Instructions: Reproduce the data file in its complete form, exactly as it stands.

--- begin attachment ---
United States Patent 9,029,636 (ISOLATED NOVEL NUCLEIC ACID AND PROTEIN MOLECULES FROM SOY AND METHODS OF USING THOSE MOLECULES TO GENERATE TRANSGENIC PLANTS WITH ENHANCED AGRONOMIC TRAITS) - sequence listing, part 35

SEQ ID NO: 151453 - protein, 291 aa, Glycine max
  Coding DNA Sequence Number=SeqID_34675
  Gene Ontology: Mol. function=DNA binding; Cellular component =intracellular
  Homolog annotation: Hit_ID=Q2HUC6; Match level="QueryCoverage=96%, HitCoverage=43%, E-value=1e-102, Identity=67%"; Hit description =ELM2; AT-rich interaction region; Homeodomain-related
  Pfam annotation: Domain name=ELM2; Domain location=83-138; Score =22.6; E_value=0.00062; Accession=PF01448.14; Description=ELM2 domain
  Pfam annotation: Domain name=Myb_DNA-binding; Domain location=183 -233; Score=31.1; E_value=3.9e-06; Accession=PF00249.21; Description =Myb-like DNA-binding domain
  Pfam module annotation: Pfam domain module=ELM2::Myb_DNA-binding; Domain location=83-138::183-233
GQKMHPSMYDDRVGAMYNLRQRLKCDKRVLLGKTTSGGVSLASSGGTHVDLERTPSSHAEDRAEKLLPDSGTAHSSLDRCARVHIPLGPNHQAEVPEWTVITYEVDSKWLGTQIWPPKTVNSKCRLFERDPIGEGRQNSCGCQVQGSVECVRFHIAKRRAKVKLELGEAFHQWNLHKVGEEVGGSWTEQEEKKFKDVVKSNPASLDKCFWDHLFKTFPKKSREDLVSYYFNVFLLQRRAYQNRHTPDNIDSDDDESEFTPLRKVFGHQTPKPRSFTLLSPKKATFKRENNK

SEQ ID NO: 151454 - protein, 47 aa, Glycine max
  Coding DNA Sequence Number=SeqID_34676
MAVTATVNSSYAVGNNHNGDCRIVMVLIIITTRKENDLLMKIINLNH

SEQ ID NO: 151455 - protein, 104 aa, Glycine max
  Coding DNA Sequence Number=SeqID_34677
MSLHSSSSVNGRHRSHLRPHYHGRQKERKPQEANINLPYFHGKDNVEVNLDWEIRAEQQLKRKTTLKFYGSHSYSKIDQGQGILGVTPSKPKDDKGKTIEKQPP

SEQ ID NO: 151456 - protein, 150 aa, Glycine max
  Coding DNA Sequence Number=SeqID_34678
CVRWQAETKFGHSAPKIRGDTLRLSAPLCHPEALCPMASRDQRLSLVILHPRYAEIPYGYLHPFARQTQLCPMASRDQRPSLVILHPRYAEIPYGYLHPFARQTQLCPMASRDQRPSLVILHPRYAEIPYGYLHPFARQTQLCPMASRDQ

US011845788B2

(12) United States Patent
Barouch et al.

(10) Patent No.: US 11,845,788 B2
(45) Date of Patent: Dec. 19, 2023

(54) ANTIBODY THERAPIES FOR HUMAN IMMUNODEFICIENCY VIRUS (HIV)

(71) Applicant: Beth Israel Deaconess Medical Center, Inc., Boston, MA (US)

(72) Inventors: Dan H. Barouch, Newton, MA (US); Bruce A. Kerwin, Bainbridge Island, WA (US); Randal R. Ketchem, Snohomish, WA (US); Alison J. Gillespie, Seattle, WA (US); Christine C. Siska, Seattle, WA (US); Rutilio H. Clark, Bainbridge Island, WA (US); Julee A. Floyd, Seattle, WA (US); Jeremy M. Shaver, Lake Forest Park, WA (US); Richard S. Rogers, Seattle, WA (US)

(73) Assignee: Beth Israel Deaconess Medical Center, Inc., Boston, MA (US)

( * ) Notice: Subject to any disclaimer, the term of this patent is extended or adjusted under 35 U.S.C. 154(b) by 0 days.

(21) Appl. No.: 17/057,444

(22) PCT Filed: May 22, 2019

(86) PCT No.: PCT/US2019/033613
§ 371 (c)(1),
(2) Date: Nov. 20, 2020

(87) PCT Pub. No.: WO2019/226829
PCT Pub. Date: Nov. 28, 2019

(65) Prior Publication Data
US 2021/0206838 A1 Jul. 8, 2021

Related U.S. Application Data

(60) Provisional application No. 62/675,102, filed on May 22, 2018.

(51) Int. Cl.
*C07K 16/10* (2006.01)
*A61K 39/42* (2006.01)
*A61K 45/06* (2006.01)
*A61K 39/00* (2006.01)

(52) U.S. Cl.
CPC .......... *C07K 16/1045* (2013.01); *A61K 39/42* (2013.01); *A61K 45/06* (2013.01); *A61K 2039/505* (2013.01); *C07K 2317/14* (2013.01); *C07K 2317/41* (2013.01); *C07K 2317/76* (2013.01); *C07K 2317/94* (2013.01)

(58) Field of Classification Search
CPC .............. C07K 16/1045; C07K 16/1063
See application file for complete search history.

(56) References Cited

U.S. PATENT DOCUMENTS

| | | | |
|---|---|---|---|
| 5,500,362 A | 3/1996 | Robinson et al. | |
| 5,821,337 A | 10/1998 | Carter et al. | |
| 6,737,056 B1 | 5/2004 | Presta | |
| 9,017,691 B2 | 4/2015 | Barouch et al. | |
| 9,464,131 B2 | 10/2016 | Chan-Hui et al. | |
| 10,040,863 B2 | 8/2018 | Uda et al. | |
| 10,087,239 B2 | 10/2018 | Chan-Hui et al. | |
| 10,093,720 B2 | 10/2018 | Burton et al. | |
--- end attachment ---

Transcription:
United States Patent 9,029,636 (ISOLATED NOVEL NUCLEIC ACID AND PROTEIN MOLECULES FROM SOY AND METHODS OF USING THOSE MOLECULES TO GENERATE TRANSGENIC PLANTS WITH ENHANCED AGRONOMIC TRAITS) - sequence listing, part 35

SEQ ID NO: 151453 - protein, 291 aa, Glycine max
  Coding DNA Sequence Number=SeqID_34675
  Gene Ontology: Mol. function=DNA binding; Cellular component =intracellular
  Homolog annotation: Hit_ID=Q2HUC6; Match level="QueryCoverage=96%, HitCoverage=43%, E-value=1e-102, Identity=67%"; Hit description =ELM2; AT-rich interaction region; Homeodomain-related
  Pfam annotation: Domain name=ELM2; Domain location=83-138; Score =22.6; E_value=0.00062; Accession=PF01448.14; Description=ELM2 domain
  Pfam annotation: Domain name=Myb_DNA-binding; Domain location=183 -233; Score=31.1; E_value=3.9e-06; Accession=PF00249.21; Description =Myb-like DNA-binding domain
  Pfam module annotation: Pfam domain module=ELM2::Myb_DNA-binding; Domain location=83-138::183-233
GQKMHPSMYDDRVGAMYNLRQRLKCDKRVLLGKTTSGGVSLASSGGTHVDLERTPSSHAEDRAEKLLPDSGTAHSSLDRCARVHIPLGPNHQAEVPEWTVITYEVDSKWLGTQIWPPKTVNSKCRLFERDPIGEGRQNSCGCQVQGSVECVRFHIAKRRAKVKLELGEAFHQWNLHKVGEEVGGSWTEQEEKKFKDVVKSNPASLDKCFWDHLFKTFPKKSREDLVSYYFNVFLLQRRAYQNRHTPDNIDSDDDESEFTPLRKVFGHQTPKPRSFTLLSPKKATFKRENNK

SEQ ID NO: 151454 - protein, 47 aa, Glycine max
  Coding DNA Sequence Number=SeqID_34676
MAVTATVNSSYAVGNNHNGDCRIVMVLIIITTRKENDLLMKIINLNH

SEQ ID NO: 151455 - protein, 104 aa, Glycine max
  Coding DNA Sequence Number=SeqID_34677
MSLHSSSSVNGRHRSHLRPHYHGRQKERKPQEANINLPYFHGKDNVEVNLDWEIRAEQQLKRKTTLKFYGSHSYSKIDQGQGILGVTPSKPKDDKGKTIEKQPP

SEQ ID NO: 151456 - protein, 150 aa, Glycine max
  Coding DNA Sequence Number=SeqID_34678
CVRWQAETKFGHSAPKIRGDTLRLSAPLCHPEALCPMASRDQRLSLVILHPRYAEIPYGYLHPFARQTQLCPMASRDQRPSLVILHPRYAEIPYGYLHPFARQTQLCPMASRDQRPSLVILHPRYAEIPYGYLHPFARQTQLCPMASRDQ

US011845788B2

(12) United States Patent
Barouch et al.

(10) Patent No.: US 11,845,788 B2
(45) Date of Patent: Dec. 19, 2023

(54) ANTIBODY THERAPIES FOR HUMAN IMMUNODEFICIENCY VIRUS (HIV)

(71) Applicant: Beth Israel Deaconess Medical Center, Inc., Boston, MA (US)

(72) Inventors: Dan H. Barouch, Newton, MA (US); Bruce A. Kerwin, Bainbridge Island, WA (US); Randal R. Ketchem, Snohomish, WA (US); Alison J. Gillespie, Seattle, WA (US); Christine C. Siska, Seattle, WA (US); Rutilio H. Clark, Bainbridge Island, WA (US); Julee A. Floyd, Seattle, WA (US); Jeremy M. Shaver, Lake Forest Park, WA (US); Richard S. Rogers, Seattle, WA (US)

(73) Assignee: Beth Israel Deaconess Medical Center, Inc., Boston, MA (US)

( * ) Notice: Subject to any disclaimer, the term of this patent is extended or adjusted under 35 U.S.C. 154(b) by 0 days.

(21) Appl. No.: 17/057,444

(22) PCT Filed: May 22, 2019

(86) PCT No.: PCT/US2019/033613
§ 371 (c)(1),
(2) Date: Nov. 20, 2020

(87) PCT Pub. No.: WO2019/226829
PCT Pub. Date: Nov. 28, 2019

(65) Prior Publication Data
US 2021/0206838 A1 Jul. 8, 2021

Related U.S. Application Data

(60) Provisional application No. 62/675,102, filed on May 22, 2018.

(51) Int. Cl.
*C07K 16/10* (2006.01)
*A61K 39/42* (2006.01)
*A61K 45/06* (2006.01)
*A61K 39/00* (2006.01)

(52) U.S. Cl.
CPC .......... *C07K 16/1045* (2013.01); *A61K 39/42* (2013.01); *A61K 45/06* (2013.01); *A61K 2039/505* (2013.01); *C07K 2317/14* (2013.01); *C07K 2317/41* (2013.01); *C07K 2317/76* (2013.01); *C07K 2317/94* (2013.01)

(58) Field of Classification Search
CPC .............. C07K 16/1045; C07K 16/1063
See application file for complete search history.

(56) References Cited

U.S. PATENT DOCUMENTS

| | | | |
|---|---|---|---|
| 5,500,362 A | 3/1996 | Robinson et al. | |
| 5,821,337 A | 10/1998 | Carter et al. | |
| 6,737,056 B1 | 5/2004 | Presta | |
| 9,017,691 B2 | 4/2015 | Barouch et al. | |
| 9,464,131 B2 | 10/2016 | Chan-Hui et al. | |
| 10,040,863 B2 | 8/2018 | Uda et al. | |
| 10,087,239 B2 | 10/2018 | Chan-Hui et al. | |
| 10,093,720 B2 | 10/2018 | Burton et al. | |